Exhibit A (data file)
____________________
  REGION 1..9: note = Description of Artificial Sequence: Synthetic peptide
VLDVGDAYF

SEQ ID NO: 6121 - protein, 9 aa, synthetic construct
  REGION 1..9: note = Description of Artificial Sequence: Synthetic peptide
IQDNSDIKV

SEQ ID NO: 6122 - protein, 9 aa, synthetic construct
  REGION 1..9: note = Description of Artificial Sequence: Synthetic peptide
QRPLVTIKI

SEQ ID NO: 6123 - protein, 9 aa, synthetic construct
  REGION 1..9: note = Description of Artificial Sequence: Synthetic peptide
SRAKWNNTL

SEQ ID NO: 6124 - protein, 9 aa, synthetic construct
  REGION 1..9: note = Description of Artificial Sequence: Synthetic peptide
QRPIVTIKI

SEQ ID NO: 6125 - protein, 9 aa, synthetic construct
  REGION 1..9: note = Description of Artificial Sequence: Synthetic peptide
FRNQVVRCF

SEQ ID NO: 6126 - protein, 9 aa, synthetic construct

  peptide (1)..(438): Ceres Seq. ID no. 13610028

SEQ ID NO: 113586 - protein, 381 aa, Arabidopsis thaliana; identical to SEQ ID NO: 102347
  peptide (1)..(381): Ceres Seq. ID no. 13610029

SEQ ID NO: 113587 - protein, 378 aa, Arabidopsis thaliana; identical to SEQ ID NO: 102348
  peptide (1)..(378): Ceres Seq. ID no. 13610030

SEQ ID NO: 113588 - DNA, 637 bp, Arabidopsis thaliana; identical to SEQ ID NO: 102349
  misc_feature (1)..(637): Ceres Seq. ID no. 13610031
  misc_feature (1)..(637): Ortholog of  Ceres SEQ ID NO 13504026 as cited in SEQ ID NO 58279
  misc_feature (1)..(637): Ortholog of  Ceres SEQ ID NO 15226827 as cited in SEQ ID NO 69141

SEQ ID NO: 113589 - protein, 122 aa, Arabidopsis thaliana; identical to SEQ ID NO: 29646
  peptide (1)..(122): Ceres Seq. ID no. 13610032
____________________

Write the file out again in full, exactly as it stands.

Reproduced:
  REGION 1..9: note = Description of Artificial Sequence: Synthetic peptide
VLDVGDAYF

SEQ ID NO: 6121 - protein, 9 aa, synthetic construct
  REGION 1..9: note = Description of Artificial Sequence: Synthetic peptide
IQDNSDIKV

SEQ ID NO: 6122 - protein, 9 aa, synthetic construct
  REGION 1..9: note = Description of Artificial Sequence: Synthetic peptide
QRPLVTIKI

SEQ ID NO: 6123 - protein, 9 aa, synthetic construct
  REGION 1..9: note = Description of Artificial Sequence: Synthetic peptide
SRAKWNNTL

SEQ ID NO: 6124 - protein, 9 aa, synthetic construct
  REGION 1..9: note = Description of Artificial Sequence: Synthetic peptide
QRPIVTIKI

SEQ ID NO: 6125 - protein, 9 aa, synthetic construct
  REGION 1..9: note = Description of Artificial Sequence: Synthetic peptide
FRNQVVRCF

SEQ ID NO: 6126 - protein, 9 aa, synthetic construct

  peptide (1)..(438): Ceres Seq. ID no. 13610028

SEQ ID NO: 113586 - protein, 381 aa, Arabidopsis thaliana; identical to SEQ ID NO: 102347
  peptide (1)..(381): Ceres Seq. ID no. 13610029

SEQ ID NO: 113587 - protein, 378 aa, Arabidopsis thaliana; identical to SEQ ID NO: 102348
  peptide (1)..(378): Ceres Seq. ID no. 13610030

SEQ ID NO: 113588 - DNA, 637 bp, Arabidopsis thaliana; identical to SEQ ID NO: 102349
  misc_feature (1)..(637): Ceres Seq. ID no. 13610031
  misc_feature (1)..(637): Ortholog of  Ceres SEQ ID NO 13504026 as cited in SEQ ID NO 58279
  misc_feature (1)..(637): Ortholog of  Ceres SEQ ID NO 15226827 as cited in SEQ ID NO 69141

SEQ ID NO: 113589 - protein, 122 aa, Arabidopsis thaliana; identical to SEQ ID NO: 29646
  peptide (1)..(122): Ceres Seq. ID no. 13610032